Thursday, 13 March 2014

Who Cries when a Crow Dies

So, that archetypal ‘hero of the working class’, and bete noire of the right wing press, Bob Crow – boss of the Rail, Maritime and Transport union – died this week at the tender of 52.
 
What a shame.

He was the last of the true firebrands and a thorn in the side of those who don’t take care whether the needs of rampant capitalism and the relentless march of technology  crushed ordinary working people underfoot as if they are machine fodder.

In 1957 British Conservative Prime Minister Harold Macmillan declared that “most of our people had never had it so good”. Full employment combined with an unprecedented rise in consumerism meant millions of Britons saw their standard of living rise. Compared to the austerity of the war years, his assessment rang true for many people across the land.

Of course this boom was followed by bust, and boom again, then bust, then boom…..until we arrive at where we are today: an almighty bust and an Age of Austerity that began in 2008, and in spite of what Mac’s progeny say, is not over for most.

When did we last have it so bad?

The rise and rise of payday loans blights the lives of the ‘working poor’. Who cares whether our children arrive at school without any breakfast and go to bed hungry, about the sharp rise in homeless; that the proliferation of food banks is now a normal part of the landscape of one of the richest nations on the planet?

Some facts about UK inequality[1]

  • Income inequalities have been increasing, both recently and over longer time periods. These inequalities have been increasing at both ends of the spectrum.  In other words, the poorest have fallen further behind the average, and the richest have moved further ahead.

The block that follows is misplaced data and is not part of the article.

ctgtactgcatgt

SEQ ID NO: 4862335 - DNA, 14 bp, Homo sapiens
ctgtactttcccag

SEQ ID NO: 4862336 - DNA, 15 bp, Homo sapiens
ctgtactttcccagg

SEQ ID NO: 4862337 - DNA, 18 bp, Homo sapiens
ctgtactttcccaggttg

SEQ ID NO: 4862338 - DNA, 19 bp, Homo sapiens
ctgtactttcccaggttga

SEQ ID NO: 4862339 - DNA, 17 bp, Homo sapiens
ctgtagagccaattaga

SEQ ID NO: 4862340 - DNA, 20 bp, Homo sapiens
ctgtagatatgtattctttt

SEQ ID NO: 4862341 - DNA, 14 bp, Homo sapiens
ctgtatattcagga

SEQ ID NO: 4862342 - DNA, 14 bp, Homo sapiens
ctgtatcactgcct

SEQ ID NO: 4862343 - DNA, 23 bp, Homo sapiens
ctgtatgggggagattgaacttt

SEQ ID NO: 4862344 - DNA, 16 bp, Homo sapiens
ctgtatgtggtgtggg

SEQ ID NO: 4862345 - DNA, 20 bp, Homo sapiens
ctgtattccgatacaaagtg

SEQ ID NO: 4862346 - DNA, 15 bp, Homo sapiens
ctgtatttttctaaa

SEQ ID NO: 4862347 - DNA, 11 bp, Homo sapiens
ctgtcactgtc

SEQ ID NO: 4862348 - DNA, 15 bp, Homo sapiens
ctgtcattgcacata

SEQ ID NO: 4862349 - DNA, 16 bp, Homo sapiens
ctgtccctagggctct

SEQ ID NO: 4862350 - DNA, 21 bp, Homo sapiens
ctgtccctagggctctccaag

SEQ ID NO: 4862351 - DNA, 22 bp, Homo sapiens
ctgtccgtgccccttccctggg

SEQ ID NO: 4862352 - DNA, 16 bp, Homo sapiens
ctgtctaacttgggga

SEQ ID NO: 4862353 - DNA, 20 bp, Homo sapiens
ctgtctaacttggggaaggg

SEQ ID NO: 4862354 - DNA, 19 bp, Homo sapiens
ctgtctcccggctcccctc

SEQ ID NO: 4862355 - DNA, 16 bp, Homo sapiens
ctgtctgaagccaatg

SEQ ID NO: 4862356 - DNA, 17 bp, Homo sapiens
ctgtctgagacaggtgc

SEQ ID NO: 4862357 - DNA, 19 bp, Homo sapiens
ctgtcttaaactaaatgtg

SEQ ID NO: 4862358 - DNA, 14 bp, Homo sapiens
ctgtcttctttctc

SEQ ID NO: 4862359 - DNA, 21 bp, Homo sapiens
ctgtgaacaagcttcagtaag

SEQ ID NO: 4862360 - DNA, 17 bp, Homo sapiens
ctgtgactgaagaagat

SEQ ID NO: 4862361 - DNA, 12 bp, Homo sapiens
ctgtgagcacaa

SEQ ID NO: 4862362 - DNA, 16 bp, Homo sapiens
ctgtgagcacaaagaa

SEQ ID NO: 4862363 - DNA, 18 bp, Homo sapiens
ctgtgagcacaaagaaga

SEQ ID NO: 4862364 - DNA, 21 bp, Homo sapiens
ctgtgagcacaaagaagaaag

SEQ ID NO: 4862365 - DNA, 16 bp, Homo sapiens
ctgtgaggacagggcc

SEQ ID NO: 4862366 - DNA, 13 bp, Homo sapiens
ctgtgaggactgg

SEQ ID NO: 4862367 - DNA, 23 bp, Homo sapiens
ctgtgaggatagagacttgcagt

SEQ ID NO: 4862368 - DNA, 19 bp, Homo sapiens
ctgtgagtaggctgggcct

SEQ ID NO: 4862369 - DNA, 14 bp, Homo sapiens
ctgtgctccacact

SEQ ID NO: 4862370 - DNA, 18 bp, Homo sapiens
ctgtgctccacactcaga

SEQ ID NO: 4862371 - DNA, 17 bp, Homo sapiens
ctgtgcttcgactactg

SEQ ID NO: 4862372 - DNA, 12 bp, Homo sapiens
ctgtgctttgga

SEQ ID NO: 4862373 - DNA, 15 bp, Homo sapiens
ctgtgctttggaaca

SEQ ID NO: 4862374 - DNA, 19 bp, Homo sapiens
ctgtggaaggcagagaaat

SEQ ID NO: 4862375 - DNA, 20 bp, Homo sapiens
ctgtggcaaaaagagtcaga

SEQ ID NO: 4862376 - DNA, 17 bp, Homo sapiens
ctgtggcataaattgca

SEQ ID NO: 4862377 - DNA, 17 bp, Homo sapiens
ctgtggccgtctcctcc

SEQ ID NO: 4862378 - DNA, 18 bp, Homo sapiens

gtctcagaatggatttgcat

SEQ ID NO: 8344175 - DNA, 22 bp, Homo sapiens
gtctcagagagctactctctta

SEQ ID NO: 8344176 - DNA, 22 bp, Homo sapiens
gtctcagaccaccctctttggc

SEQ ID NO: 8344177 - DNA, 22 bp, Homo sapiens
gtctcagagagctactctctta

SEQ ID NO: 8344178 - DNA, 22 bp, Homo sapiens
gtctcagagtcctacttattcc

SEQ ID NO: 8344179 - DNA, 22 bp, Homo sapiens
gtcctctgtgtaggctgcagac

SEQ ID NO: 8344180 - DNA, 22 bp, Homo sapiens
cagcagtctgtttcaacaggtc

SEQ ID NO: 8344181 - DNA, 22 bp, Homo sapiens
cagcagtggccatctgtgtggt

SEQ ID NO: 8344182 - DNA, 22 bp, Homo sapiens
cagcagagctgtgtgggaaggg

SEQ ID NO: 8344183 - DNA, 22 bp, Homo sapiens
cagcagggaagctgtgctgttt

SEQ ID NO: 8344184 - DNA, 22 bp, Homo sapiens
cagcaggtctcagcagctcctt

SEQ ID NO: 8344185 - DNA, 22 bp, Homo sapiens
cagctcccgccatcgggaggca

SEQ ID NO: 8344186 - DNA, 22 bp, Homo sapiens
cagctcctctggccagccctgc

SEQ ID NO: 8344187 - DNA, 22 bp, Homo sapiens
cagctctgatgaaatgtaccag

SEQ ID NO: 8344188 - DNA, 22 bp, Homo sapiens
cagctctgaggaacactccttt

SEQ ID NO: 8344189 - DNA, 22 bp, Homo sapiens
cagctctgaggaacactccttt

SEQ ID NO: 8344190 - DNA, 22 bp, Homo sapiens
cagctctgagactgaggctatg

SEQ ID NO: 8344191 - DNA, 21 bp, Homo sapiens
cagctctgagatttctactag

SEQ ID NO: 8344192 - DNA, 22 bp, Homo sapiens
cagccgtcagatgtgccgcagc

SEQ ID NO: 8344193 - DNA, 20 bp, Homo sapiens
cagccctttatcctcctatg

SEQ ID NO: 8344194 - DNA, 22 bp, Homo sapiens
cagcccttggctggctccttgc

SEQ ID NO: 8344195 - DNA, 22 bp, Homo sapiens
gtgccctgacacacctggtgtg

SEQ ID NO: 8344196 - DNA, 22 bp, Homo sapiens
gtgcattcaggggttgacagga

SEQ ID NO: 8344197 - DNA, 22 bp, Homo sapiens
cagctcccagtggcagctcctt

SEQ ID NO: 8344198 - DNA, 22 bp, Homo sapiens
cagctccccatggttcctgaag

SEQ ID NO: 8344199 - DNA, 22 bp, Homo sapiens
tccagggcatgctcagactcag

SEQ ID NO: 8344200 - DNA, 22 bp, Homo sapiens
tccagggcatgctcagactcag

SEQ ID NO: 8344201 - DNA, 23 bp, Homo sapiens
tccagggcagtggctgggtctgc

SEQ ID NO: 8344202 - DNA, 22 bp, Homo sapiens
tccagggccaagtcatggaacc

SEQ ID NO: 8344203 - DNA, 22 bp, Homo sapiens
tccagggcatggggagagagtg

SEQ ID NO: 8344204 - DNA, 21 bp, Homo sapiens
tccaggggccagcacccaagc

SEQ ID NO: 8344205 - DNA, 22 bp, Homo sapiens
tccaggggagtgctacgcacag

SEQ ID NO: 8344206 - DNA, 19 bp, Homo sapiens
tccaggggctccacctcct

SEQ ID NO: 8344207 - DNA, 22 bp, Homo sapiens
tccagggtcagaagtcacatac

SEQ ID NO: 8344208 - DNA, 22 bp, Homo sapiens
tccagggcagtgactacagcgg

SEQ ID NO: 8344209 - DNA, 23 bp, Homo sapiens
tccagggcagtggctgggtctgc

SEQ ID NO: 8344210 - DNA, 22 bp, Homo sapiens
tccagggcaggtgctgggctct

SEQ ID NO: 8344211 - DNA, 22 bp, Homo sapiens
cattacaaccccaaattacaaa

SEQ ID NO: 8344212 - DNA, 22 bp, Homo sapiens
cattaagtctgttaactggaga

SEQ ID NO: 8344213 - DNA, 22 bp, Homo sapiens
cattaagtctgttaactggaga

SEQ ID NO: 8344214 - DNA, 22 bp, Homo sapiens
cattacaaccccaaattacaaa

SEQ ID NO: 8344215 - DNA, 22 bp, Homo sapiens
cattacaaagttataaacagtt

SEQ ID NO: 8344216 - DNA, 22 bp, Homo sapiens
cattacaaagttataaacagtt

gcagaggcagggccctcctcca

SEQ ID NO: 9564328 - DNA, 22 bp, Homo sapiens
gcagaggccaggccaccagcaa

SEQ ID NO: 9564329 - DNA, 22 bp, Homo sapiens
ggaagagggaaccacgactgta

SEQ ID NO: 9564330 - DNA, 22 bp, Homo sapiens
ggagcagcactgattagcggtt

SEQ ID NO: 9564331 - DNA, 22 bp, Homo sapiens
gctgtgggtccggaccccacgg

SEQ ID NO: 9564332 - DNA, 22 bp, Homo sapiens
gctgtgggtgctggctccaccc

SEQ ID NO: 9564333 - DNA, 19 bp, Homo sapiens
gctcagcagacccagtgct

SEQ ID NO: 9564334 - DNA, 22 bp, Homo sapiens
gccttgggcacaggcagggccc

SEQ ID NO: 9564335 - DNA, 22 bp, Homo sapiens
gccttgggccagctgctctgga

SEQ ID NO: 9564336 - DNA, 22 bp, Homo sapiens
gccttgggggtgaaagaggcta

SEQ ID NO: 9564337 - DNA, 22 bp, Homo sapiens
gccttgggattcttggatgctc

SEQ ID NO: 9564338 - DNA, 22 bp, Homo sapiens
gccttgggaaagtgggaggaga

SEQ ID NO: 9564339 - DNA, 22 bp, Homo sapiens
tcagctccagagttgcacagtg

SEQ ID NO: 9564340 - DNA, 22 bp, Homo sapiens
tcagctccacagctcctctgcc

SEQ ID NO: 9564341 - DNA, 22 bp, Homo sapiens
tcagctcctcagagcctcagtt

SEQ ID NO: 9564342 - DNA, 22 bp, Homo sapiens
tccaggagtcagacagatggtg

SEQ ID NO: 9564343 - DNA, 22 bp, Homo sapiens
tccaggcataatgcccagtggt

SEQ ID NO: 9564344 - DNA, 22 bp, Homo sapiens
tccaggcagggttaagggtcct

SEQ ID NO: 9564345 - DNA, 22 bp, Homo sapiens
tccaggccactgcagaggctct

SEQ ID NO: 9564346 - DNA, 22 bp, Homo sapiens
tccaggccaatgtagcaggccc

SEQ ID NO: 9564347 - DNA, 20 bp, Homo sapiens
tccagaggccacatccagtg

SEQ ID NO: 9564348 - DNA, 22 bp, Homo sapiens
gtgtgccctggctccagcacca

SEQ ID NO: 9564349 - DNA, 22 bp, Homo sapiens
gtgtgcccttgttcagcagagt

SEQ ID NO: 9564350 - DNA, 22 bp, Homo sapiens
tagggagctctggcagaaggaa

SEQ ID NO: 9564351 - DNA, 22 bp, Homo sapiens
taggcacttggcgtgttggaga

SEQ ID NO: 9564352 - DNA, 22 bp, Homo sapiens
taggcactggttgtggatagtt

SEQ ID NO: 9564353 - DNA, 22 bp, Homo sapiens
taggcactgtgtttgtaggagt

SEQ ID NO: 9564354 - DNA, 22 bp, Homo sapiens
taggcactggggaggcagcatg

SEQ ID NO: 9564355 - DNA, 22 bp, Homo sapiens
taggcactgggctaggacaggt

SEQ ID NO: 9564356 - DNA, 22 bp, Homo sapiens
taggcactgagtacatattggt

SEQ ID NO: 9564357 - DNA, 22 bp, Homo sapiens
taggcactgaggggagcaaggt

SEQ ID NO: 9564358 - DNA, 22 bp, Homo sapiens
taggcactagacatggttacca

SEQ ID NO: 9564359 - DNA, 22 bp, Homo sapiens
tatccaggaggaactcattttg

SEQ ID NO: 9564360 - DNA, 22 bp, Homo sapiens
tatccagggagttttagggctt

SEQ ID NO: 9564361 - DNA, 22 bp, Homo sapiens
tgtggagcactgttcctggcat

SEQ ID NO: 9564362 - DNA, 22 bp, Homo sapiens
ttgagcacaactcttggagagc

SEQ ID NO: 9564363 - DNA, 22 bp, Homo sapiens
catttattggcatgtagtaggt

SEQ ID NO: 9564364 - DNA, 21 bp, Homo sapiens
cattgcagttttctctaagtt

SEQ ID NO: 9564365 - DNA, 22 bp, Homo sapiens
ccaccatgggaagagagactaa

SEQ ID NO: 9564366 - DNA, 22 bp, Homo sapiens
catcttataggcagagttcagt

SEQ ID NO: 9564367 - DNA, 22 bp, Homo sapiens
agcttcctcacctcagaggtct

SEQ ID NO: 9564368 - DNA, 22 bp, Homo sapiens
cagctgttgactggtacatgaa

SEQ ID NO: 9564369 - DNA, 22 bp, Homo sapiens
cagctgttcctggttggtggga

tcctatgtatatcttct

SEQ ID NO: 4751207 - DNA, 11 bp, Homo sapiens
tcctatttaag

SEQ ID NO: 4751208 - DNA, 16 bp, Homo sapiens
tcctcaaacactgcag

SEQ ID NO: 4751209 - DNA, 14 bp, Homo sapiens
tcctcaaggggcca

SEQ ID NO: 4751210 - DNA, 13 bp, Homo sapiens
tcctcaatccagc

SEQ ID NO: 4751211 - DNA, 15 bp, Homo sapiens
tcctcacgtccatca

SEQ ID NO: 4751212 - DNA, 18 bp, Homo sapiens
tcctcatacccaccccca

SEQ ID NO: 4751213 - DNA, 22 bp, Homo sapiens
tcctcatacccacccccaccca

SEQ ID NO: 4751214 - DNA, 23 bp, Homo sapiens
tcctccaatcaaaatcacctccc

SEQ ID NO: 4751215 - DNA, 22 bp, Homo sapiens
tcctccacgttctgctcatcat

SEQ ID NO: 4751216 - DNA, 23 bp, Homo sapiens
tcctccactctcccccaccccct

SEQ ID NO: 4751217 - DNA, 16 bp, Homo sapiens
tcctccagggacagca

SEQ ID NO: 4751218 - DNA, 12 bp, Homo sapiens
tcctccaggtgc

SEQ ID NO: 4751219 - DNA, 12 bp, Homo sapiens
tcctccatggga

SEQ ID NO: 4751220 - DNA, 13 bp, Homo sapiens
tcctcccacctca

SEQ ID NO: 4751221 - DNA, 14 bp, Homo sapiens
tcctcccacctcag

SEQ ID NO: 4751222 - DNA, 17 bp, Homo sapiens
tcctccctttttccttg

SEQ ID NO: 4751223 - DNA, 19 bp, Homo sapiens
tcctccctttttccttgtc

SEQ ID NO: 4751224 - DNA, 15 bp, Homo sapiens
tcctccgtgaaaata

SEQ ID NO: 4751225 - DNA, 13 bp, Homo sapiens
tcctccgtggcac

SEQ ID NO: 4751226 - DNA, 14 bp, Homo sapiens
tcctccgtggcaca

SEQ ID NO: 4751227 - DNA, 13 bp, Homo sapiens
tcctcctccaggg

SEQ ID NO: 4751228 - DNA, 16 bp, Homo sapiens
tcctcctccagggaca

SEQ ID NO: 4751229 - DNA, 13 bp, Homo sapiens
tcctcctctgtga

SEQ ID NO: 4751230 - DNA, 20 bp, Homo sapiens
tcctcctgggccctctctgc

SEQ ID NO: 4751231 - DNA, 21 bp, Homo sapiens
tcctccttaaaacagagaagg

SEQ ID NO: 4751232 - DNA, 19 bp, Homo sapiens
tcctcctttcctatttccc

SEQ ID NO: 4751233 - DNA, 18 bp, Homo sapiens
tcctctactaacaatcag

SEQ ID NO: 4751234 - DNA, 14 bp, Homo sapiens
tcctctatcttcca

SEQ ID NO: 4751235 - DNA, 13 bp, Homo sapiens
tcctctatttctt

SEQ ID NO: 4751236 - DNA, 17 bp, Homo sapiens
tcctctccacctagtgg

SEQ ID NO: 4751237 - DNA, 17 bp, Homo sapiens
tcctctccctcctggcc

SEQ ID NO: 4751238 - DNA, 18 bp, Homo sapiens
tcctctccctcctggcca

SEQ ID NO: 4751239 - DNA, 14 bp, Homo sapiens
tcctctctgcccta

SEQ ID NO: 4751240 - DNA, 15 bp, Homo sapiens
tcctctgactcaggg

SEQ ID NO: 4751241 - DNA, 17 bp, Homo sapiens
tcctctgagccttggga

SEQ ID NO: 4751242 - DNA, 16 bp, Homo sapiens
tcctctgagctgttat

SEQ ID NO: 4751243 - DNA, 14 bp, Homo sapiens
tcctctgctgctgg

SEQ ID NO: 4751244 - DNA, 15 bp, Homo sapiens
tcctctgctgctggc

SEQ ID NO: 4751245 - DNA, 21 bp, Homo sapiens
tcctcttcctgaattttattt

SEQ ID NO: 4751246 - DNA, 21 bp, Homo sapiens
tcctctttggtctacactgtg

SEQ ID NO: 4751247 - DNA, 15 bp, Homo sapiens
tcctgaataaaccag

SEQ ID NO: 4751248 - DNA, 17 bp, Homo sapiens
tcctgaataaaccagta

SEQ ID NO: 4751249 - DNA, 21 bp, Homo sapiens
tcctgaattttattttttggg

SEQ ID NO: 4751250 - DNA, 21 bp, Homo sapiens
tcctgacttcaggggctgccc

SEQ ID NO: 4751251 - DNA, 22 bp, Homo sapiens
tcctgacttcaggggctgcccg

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  • Over the last decade, the poorest tenth of the population have, on average, seen a fall in their 'real' incomes after deducting housing costs. In other words, after adjusting for inflation, incomes are, on average, slightly lower than a decade ago.  This is in sharp contrast with the rest of the income distribution, which again on average, has seen substantial rises in their real incomes.
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  • The  richest tenth of the population have seen much bigger proportional rises in their incomes than any other group.
  • The poorest tenth of the population now have, between them, 1.3% of the country's total income. In contrast, the richest tenth have 31%. The income of the richest tenth is more than the income of all those on below-average incomes (i.e. the bottom five tenths) combined.
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  • Inner London (said to be the business capital of the world) has by far the highest proportion of people on low income (29% in the poorest fifth) but also a high proportion of people on a high income (28% in the richest fifth).
Who cares whether the needs of rampant capitalism and the relentless march of technology crush ordinary working people underfoot? Bob Crow did; shame he died.

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